As COVID-19 cases start to rise again due to the highly contagious Delta variant, nursing homes are considering requiring staff members to be vaccinated. Only 59 percent of nursing home staff are partially or fully vaccinated nationwide, and the percentages are much lower in some states.
While 81 percent of nursing home residents are fully vaccinated, the numbers are much lower for staff. Louisiana and Florida have the lowest percentages of vaccinated staff at 43.17 percent and 44.22 percent vaccinated, respectively. Moreover, staff with the closest contact with residents are the least likely to be vaccinated, according to new research.
All this could leave elderly vulnerable to infection, even if they are vaccinated themselves. While the vaccines are very effective, breakthrough infections are possible. And due to weakened immune systems, some elderly individuals may not respond fully to the vaccine.
According to the Centers for Medicare and Medicaid Services, more than 133,000 nursing home residents and nearly 2,000 staff members have already died of COVID-19, and this is likely an undercount because facilities did not begin reporting data until May 2020. While cases began declining when vaccines became available, they are inching up again due to the Delta variant, which has been found to be more transmissible than the common cold. Unvaccinated staff are being blamed for an outbreak in a Colorado nursing home that led to 16 infections and four deaths. There have been similar outbreaks in other states.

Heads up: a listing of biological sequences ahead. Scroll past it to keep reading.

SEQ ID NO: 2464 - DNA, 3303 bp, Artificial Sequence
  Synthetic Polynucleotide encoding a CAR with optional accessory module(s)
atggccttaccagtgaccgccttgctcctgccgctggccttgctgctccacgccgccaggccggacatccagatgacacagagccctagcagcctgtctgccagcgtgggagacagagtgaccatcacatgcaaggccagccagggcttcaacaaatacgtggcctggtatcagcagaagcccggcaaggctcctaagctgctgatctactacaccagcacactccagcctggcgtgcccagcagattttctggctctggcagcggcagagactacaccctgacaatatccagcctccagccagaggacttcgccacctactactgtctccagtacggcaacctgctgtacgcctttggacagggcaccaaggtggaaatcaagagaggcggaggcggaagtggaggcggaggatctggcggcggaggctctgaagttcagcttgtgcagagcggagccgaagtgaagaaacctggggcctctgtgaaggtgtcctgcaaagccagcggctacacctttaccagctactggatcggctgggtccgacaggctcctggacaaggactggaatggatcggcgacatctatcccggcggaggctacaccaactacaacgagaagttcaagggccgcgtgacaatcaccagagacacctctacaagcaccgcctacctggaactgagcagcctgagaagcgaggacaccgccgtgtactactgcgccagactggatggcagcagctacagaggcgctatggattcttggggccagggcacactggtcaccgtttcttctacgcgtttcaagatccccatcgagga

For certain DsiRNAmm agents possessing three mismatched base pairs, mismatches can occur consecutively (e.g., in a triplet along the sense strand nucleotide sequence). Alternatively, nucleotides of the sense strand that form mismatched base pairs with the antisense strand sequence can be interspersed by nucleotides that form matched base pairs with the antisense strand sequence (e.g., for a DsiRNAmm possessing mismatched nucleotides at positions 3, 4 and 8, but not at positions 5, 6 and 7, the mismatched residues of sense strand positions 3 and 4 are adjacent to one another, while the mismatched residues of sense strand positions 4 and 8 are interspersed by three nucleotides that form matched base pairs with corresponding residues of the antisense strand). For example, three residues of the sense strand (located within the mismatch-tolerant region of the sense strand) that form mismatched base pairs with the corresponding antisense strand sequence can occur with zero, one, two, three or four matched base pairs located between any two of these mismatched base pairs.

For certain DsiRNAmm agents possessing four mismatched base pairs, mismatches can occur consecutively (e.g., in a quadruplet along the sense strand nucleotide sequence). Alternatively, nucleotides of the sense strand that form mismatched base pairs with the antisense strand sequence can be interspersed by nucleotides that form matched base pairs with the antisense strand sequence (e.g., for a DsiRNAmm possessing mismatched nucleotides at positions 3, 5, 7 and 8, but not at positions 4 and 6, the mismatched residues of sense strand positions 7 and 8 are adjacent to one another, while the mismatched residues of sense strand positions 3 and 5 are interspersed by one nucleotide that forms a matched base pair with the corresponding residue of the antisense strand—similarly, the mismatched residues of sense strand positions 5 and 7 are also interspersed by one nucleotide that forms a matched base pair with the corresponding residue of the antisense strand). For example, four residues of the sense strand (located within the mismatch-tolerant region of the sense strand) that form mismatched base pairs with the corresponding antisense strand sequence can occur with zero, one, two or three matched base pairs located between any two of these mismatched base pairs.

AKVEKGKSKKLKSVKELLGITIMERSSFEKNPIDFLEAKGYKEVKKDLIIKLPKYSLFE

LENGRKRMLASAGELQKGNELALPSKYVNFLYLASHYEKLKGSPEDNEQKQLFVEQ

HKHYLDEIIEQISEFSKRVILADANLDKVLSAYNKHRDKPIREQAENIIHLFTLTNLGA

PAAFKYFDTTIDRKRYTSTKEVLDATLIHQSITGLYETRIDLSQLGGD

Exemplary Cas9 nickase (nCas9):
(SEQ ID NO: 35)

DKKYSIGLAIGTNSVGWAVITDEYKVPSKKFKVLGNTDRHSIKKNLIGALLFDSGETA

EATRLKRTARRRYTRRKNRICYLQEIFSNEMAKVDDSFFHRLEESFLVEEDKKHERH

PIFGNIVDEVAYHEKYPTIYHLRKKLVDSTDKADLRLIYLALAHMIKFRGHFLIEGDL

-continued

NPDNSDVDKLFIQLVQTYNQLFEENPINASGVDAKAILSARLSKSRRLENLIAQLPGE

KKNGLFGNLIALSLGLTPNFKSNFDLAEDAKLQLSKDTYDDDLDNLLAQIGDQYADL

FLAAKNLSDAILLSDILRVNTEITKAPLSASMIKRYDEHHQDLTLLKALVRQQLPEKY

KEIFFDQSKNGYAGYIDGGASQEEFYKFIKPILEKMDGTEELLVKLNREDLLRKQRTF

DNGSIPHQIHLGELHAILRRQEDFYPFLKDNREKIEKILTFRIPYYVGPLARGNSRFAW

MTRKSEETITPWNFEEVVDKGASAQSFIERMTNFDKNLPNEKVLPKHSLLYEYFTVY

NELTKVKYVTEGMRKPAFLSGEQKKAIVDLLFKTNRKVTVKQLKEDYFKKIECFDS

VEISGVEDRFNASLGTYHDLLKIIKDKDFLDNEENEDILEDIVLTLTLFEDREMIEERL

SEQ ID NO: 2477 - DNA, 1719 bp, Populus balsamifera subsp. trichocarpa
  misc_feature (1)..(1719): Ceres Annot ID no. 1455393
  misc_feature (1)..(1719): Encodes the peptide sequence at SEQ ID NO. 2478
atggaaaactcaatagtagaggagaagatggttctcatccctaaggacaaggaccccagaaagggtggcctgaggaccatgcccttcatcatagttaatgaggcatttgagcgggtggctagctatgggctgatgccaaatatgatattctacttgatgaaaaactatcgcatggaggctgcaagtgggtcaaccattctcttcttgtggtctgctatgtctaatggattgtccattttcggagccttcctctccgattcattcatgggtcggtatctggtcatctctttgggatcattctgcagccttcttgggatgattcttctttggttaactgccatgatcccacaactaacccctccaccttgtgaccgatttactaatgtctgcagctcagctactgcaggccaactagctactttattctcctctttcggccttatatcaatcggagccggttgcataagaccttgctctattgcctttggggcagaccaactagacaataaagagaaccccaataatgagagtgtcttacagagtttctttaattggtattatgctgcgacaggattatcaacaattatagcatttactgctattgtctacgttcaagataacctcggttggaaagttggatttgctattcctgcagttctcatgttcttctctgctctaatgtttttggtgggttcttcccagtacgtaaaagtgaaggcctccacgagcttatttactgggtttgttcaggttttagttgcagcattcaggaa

Health care organizations had been resistant to vaccine requirements for fear that they would cause lawsuits and staff defections, but in light of the low vaccination rates among staff and the risks to nursing home residents, some senior living organizations have begun requiring employees to get vaccinated. The number two nonprofit senior living organization in the United States, Good Samaritan Society, is the largest care organization to require a COVID-19 vaccine as a condition of employment.
“Nearly all new COVID-19 cases, hospitalizations and deaths are among unvaccinated people, and the overwhelming data confirms that the vaccines are not only safe, but the best and most reliable way to prevent transmission of the virus,” Jeremy Cauwels, M.D., Chief Physician of Good Samaritan’s parent company, Sanford Health, said in a statement.
According to McKnight’s Long-Term Care News, at least 20 other senior living companies have also instituted vaccine requirements. And more are following suit as health care leaders increase the pressure for vaccine mandates, including a joint statement from the American Medical Association and 54 other health care organizations in support of vaccine requirements for health care and long-term care personnel.